Large-scale solar power generation is once again a hot issue in Hartford, after the Connecticut Siting Council recently approved a solar project in East Windsor that, when completed, will become the biggest installation in the state.
The Gravel Pit Solar will sit on 485 acres of land that includes former sand and gravel pits and tobacco fields, according to Meaghan Wims, a spokeswoman for D.E. Shaw Renewable Investments, the New York-based company behind the project. The project was approved on March 1.
Construction of the solar farm, which is adjacent to a landfill, industrial buildings, other gravel pits and two smaller solar projects, is expected to start as early as next summer, Wims said, with solar panel installations likely to begin in spring 2022. Gravel Pit Solar will begin producing 120 megawatts of power in late 2022.
Gravel Pit Solar has power-purchase agreements with United Illuminating and Eversource Energy, which will buy 20 megawatts of the total amount of electricity the plant will produce, according to Wims.
The project was also selected by Rhode Island officials for renewable energy generation, she said, and has utilities under contract to purchase 50 megawatts. Municipal light and power departments in Rhode Island and Massachusetts will buy the remaining 50 megawatts.
Still, even when it’s completed, nobody will ever mistake Connecticut for any of the states in the southwestern United States, where acres and acres of solar panels silently soak up the sun.
Depending upon who you talk to, the state is either moving ahead too fast or too slow in permitting solar projects.
“The goals that DEEP has set for commercial solar aren’t any higher than they have been over the past couple years,” said Mike Trahan, executive director of the trade group Solar Connecticut. “The state handicaps and puts handcuffs on the growth of commercial solar.”
But there is clear and persistent opposition to large solar projects. There are a half a dozen pieces of legislation before the legislative committee of Connecticut General Assembly that seek to limit the growth of large-scale solar projects in the state, according to Trahan.
State Rep. Mary Mushinky, D-Wallingford, a member of the legislature’s Environment Committee, said Connecticut lawmakers need to send a message to developers of major solar projects.
“The developer here goes where the land is flat and the price is cheap,” said Mushinsky, who is a long-time champion of the environment.
Germany, Mushinsky said, is country that gets solar right. “They have financial disincentives for developing solar on pristine land and incentives for putting panels on parking lot canopies, on buildings and in blighted urban areas,” she said. “What’s lacking here is that we don’t send out any kind of price signals at all to [developers].”
Melanie Bachman, executive director of the Connecticut Siting Council, said East Windsor officials were supportive of Gravel Pit Solar because of problems with off-road vehicles on part of the property.
“They felt that the fencing the project will have around it will put an end to that problem,” Bachman said. The Council is responsible for overseeing the siting of power facilities, transmission lines, hazardous waste facilities and other forms of infrastructure, including telecommunications sites.
When another project by D.E. Shaw Renewable Investments — the 130-acre, 100,000-panel Tobacco Valley Solar project in Simsbury, which started operating in 2019 — was proposed more than three years earlier, it was met with plenty of opposition by local residents.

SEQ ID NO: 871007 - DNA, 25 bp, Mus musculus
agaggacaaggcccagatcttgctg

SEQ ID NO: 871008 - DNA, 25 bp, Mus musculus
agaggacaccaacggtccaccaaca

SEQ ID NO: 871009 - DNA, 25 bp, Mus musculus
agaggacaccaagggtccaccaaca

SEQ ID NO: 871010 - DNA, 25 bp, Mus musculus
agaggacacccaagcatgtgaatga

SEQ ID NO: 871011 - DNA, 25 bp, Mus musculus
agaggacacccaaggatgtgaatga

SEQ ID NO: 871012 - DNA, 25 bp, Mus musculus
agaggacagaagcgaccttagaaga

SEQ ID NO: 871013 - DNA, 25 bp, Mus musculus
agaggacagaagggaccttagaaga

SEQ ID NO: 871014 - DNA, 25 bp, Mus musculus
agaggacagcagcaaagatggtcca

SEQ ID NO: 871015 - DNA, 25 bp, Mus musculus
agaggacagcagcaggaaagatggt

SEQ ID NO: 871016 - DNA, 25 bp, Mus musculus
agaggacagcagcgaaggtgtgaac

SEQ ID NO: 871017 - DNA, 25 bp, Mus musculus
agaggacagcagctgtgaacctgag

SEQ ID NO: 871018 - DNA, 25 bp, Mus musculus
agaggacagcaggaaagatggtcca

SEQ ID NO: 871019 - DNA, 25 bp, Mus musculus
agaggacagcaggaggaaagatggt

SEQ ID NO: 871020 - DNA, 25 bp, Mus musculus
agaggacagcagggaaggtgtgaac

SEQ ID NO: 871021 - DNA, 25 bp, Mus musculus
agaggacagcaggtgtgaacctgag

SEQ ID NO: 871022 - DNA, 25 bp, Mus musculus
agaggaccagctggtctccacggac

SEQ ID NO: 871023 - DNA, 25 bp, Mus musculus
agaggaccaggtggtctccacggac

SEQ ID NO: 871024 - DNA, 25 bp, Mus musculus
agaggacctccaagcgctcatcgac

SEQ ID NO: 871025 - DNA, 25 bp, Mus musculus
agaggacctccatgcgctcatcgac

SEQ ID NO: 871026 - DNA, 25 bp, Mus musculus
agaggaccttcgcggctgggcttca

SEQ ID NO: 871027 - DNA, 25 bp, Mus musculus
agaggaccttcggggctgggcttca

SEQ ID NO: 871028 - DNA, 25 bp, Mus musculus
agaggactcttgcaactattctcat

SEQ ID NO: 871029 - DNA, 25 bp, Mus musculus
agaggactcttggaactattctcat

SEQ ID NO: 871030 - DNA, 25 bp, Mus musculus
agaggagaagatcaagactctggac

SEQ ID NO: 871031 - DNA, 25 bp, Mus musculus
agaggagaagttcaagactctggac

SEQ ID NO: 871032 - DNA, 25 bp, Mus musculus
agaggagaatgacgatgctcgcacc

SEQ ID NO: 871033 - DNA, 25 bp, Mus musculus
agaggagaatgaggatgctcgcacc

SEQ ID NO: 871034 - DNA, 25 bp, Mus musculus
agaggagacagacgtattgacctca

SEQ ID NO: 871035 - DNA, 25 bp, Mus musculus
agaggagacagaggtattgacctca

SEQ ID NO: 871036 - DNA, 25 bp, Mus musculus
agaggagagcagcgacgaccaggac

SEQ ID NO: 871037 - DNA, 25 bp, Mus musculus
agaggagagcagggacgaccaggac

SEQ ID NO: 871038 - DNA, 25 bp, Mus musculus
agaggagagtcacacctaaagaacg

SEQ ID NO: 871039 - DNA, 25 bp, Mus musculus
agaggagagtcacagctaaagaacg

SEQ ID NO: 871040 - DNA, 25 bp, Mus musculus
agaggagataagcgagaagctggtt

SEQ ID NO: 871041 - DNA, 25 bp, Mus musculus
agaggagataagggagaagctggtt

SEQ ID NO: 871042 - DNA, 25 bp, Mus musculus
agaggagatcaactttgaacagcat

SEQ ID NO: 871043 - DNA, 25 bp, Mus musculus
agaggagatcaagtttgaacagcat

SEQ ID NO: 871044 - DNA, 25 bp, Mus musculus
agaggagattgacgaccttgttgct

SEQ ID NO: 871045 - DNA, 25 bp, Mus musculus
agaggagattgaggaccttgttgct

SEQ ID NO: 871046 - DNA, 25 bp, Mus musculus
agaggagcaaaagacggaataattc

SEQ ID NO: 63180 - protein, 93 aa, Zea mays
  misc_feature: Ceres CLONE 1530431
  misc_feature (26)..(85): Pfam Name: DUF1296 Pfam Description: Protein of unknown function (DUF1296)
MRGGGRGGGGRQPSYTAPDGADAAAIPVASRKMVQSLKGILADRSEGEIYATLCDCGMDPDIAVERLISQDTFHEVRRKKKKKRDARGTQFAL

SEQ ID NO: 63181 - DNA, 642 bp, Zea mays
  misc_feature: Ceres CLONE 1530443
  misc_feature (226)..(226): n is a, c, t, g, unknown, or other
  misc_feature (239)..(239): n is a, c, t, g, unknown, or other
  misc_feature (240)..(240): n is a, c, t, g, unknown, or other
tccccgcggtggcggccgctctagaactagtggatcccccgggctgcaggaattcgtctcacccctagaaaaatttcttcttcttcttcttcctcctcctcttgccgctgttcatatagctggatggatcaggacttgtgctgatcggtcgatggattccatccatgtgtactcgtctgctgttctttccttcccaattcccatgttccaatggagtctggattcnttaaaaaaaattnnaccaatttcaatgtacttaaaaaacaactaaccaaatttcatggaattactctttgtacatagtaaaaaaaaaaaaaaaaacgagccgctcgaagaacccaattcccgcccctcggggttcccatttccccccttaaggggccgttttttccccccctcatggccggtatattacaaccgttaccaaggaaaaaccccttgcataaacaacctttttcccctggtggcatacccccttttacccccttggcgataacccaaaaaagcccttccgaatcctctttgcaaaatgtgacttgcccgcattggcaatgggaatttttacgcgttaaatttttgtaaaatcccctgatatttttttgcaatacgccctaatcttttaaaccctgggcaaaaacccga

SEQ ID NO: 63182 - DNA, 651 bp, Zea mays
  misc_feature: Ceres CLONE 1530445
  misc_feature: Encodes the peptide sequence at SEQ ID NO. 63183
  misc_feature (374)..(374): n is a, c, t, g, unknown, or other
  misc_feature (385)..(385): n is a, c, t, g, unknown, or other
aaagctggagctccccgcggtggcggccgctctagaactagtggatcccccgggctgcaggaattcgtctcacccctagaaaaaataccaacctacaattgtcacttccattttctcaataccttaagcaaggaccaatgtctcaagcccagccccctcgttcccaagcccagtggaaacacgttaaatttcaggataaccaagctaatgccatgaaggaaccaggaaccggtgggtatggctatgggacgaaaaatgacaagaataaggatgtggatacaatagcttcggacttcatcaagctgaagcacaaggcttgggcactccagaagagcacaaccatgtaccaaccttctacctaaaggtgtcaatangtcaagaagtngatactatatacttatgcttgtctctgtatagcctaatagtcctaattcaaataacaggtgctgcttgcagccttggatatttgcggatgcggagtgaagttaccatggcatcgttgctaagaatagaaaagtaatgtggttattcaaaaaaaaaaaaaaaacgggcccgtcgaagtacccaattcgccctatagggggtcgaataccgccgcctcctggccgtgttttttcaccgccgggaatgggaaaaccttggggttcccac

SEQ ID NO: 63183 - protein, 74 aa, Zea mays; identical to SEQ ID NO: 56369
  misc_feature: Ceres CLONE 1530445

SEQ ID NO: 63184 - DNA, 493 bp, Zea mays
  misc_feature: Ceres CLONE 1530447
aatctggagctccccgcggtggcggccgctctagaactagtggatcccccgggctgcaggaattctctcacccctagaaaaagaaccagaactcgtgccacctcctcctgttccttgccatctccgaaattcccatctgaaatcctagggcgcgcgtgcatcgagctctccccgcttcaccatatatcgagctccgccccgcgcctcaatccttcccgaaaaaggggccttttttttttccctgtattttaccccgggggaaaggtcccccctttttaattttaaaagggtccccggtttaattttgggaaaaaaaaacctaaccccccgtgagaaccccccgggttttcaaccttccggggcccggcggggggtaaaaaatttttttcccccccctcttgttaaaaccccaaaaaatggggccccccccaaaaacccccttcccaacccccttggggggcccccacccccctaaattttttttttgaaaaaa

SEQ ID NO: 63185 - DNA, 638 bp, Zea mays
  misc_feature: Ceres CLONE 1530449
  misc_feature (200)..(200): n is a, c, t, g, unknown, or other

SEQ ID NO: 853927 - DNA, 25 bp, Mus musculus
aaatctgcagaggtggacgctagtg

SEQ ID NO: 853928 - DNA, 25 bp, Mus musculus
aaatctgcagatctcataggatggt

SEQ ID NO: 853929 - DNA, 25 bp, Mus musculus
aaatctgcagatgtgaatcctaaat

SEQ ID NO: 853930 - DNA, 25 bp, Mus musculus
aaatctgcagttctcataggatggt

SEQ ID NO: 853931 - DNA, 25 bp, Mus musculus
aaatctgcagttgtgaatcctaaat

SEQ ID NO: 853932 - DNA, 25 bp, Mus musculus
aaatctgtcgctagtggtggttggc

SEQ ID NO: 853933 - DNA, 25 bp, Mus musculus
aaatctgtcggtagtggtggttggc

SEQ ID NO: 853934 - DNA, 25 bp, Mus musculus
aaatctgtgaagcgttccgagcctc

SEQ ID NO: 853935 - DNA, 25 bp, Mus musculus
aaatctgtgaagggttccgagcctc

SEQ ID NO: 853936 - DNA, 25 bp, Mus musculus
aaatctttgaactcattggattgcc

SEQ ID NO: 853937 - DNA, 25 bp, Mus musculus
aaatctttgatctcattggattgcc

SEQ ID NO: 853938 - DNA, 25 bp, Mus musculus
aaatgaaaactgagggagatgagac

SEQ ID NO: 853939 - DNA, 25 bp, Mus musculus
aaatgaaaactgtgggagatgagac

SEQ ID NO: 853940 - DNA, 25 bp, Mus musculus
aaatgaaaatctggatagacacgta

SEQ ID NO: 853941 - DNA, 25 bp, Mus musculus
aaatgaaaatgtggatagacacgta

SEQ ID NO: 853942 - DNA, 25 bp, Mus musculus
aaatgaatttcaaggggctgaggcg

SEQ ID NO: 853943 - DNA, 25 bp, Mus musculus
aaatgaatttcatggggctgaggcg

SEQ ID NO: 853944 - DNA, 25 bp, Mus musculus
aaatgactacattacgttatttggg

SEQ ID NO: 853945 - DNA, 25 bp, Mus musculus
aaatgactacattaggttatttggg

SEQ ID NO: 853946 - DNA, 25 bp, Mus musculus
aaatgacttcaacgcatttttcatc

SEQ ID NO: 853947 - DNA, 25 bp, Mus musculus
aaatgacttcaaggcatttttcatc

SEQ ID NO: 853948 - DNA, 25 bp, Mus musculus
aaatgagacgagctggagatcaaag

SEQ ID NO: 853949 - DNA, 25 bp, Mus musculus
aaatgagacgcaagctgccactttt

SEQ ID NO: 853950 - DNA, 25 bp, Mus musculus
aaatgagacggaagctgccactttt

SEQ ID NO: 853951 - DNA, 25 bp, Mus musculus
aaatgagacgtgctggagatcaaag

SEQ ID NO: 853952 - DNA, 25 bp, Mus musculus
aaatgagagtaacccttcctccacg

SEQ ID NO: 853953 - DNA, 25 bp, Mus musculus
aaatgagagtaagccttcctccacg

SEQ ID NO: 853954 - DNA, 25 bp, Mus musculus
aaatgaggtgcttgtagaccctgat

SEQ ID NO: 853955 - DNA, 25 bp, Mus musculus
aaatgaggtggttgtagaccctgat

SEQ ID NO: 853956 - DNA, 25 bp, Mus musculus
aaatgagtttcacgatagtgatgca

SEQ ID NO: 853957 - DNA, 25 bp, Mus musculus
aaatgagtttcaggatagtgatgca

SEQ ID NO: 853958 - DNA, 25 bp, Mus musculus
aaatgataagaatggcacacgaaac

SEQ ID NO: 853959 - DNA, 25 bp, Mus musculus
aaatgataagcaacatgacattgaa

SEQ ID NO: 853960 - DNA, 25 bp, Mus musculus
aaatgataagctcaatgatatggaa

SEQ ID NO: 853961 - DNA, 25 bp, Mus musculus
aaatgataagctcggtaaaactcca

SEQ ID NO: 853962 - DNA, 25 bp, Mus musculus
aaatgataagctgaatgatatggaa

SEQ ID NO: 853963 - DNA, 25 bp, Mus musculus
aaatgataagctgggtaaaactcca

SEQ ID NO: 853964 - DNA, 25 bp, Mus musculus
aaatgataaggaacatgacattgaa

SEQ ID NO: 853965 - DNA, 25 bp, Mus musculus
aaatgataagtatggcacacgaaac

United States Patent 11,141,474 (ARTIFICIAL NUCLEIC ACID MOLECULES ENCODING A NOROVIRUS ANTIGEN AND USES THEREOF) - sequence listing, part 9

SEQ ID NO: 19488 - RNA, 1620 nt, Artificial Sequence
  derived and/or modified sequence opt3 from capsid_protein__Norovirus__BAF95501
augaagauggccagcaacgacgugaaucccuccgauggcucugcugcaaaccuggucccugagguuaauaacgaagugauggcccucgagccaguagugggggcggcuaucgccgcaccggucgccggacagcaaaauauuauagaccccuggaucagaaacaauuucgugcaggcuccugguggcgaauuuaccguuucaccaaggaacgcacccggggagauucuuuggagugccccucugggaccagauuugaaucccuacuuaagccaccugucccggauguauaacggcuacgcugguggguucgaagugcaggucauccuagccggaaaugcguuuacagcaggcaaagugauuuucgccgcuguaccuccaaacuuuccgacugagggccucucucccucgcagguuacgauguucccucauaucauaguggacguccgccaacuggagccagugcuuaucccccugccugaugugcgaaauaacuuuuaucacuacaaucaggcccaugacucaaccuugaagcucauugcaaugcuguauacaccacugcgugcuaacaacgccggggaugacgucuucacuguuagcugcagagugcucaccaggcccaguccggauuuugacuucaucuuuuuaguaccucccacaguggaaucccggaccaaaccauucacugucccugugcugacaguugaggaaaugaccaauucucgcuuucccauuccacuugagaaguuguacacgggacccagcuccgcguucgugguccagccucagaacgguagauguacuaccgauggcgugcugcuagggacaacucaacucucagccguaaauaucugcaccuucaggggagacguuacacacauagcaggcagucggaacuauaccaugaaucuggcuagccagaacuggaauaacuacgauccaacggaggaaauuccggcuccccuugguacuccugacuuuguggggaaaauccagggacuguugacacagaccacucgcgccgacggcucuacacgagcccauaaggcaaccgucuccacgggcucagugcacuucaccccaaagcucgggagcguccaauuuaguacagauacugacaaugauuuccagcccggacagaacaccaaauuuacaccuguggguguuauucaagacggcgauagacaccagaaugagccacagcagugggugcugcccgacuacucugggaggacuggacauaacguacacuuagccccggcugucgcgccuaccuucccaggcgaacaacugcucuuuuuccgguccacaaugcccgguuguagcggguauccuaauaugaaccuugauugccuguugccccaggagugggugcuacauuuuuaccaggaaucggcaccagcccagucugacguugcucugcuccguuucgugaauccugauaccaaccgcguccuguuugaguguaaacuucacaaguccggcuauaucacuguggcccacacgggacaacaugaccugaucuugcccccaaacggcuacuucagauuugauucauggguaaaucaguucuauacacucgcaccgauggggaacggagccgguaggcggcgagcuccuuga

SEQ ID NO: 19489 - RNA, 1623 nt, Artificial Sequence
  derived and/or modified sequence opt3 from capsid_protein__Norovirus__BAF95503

The Tobacco Valley project is now producing about $600,000 a year in additional tax revenue over the full operating life of the solar array.
State Senator Norman Needleman, D-Essex, a co-chairman of the General Assembly’s Energy and Technology committee, said “there has always been a very dynamic tension between the environmental and agricultural communities over this.”
“I’m always on the fence on this,” Needleman said. “I think we should always be doing more to promote renewable energy. The problem is our [hilly] topography and woods. I’m reluctant to promote the cutting down of trees to build a solar farm.”
Mushinsky said Connecticut is a densely-populated state with little open space. “We should be very careful how we lay out things,” she said.
And in the suburbs, yards filled with solar panels can cause squabbles between neighbors. Karen Zarkades, of Cheshire, said her cousins in Massachusetts live next door to a yard full of panels. “It’s not a happy situation,” she said.
Trahan, the executive director of Solar Connecticut, said the lawmakers’ fears are short-sighted.
“Who is the state of Connecticut to tell a private landowner who they can sell their land to?” Trahan said. “For a farmer who is facing bankruptcy, why should the state stand in the way if they want to put some or all of their land on the market to a solar developer?”
More large solar projects, Trahan said, would help provide Connecticut with a more secure energy future.
“We don’t have oil like Texas or natural gas like West Virginia,” Trahan said. “This can help make us energy independent. We don’t need a [power] line from Quebec to bring hydropower to us at great expense. We can do it all here.”
Some communities, like Wallingford and Cheshire in New Haven County and Bridgeport in Fairfield County, have solar arrays on top of former landfills.
Joel Gordes, a West Hartford-based energy consultant, said having solar energy projects is important because it makes it less likely that foreign terrorists, or anyone else trying to shut down the nation’s energy sources, will be able to do so.
“I am wary of too much wind, because you have transmission line that you need in order to bring it to shore that could be tampered with,” Gordes said. “Solar can be installed in smaller amounts with arrays all over the state.”